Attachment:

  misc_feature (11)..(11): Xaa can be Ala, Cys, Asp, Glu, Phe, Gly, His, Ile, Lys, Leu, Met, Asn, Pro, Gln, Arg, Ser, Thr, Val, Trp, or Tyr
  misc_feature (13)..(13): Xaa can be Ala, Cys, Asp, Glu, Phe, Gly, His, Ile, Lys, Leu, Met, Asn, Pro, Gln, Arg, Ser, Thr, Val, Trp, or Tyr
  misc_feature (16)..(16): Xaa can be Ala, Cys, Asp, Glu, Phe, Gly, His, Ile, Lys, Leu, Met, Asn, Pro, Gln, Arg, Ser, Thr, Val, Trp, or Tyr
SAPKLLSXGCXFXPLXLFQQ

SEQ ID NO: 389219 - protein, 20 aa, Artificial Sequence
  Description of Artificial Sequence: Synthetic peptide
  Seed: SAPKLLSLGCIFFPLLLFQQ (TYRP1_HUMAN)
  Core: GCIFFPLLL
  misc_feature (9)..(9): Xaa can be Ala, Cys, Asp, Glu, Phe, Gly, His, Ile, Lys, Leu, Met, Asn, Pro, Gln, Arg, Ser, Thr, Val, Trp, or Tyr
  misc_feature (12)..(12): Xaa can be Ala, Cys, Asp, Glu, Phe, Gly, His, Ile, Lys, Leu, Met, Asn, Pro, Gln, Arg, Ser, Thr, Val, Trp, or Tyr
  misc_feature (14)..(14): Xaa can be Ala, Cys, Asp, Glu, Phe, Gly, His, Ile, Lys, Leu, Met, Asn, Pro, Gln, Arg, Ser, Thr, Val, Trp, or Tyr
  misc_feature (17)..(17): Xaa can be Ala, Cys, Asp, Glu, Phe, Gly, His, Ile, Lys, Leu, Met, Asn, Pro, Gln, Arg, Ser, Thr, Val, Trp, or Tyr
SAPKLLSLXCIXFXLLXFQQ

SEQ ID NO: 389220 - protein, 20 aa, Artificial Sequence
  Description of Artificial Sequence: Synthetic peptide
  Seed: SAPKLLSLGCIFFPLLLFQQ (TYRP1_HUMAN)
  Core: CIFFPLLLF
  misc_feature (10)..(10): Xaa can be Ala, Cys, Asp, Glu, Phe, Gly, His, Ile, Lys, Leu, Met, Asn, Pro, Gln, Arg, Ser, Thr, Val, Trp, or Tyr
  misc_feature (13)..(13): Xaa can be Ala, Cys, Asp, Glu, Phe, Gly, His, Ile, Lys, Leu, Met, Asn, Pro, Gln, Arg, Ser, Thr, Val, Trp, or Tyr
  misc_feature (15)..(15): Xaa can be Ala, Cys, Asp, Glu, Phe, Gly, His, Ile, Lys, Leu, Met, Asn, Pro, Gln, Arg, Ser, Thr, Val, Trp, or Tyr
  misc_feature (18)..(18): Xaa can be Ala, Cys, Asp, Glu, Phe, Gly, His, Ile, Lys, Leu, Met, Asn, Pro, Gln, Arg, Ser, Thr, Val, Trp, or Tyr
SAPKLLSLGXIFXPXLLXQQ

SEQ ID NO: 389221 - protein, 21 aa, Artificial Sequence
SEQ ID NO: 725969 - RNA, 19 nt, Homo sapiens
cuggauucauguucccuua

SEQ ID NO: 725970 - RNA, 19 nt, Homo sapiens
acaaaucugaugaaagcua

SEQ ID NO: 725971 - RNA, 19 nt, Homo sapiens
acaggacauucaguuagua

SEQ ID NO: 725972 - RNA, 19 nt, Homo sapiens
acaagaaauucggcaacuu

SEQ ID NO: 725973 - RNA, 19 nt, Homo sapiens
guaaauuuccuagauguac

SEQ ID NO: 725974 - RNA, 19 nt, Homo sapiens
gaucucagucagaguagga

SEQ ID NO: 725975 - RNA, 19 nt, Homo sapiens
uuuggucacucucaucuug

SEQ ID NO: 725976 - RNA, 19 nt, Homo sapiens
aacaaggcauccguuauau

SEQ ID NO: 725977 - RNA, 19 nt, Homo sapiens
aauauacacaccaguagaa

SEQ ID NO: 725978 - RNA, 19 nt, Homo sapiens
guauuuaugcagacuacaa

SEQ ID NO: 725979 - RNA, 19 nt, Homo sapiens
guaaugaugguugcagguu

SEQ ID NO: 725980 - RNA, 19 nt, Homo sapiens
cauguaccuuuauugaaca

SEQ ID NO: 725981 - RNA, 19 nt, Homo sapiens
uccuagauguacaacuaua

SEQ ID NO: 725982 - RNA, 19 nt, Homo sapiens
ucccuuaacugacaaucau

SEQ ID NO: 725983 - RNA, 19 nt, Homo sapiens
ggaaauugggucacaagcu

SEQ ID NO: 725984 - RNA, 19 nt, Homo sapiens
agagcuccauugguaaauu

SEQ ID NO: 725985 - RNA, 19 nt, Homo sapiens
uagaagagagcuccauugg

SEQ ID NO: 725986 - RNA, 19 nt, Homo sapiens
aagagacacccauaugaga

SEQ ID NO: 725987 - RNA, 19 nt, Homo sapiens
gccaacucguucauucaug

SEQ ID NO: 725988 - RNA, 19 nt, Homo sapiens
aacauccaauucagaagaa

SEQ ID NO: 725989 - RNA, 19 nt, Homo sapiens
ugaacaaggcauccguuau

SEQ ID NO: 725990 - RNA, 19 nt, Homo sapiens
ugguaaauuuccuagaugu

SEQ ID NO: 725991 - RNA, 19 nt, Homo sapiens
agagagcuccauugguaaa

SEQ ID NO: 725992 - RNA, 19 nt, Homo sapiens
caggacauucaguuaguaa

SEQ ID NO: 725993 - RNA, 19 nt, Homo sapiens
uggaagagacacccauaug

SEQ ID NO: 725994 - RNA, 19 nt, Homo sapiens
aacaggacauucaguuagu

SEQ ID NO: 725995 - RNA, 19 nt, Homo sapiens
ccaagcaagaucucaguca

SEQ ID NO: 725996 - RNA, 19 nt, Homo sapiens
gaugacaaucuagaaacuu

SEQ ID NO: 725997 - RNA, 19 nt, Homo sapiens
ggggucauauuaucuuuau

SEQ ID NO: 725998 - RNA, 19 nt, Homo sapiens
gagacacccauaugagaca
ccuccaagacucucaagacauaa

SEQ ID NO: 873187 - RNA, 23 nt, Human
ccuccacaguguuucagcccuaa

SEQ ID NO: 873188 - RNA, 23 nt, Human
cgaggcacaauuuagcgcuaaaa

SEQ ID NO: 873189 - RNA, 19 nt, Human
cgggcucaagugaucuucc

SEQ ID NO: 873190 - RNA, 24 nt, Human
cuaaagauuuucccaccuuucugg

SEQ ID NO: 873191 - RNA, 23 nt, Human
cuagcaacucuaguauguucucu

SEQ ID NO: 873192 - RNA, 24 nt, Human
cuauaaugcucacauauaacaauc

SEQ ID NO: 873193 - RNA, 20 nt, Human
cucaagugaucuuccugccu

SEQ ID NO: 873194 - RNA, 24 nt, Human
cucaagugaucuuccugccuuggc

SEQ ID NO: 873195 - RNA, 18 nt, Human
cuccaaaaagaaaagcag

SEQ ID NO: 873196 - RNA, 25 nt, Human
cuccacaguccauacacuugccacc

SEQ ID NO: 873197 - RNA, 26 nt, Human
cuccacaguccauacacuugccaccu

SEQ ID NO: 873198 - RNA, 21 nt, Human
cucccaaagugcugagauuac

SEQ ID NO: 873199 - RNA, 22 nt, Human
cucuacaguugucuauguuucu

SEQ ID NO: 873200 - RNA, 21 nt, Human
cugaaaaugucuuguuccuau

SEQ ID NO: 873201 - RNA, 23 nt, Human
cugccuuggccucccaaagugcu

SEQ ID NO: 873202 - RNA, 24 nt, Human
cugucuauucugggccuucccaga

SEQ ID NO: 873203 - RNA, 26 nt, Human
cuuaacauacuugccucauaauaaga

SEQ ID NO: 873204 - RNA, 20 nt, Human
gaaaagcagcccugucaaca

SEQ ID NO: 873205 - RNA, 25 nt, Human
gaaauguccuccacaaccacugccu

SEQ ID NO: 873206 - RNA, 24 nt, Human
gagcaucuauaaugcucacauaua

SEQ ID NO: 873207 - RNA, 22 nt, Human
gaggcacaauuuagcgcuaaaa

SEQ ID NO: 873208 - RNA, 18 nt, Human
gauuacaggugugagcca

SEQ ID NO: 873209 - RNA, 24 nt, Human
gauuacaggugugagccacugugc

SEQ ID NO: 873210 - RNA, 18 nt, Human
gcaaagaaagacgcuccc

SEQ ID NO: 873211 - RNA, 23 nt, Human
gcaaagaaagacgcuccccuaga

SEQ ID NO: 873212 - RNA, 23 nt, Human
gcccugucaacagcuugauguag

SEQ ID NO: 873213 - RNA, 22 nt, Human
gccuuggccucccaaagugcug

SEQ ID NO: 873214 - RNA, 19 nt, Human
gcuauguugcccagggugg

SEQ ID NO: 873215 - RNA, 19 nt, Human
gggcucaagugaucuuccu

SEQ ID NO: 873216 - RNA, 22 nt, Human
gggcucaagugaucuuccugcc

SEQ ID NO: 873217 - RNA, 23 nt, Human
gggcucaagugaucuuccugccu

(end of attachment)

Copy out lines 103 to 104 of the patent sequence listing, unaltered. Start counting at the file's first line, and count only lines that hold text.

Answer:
SEQ ID NO: 873196 - RNA, 25 nt, Human
cuccacaguccauacacuugccacc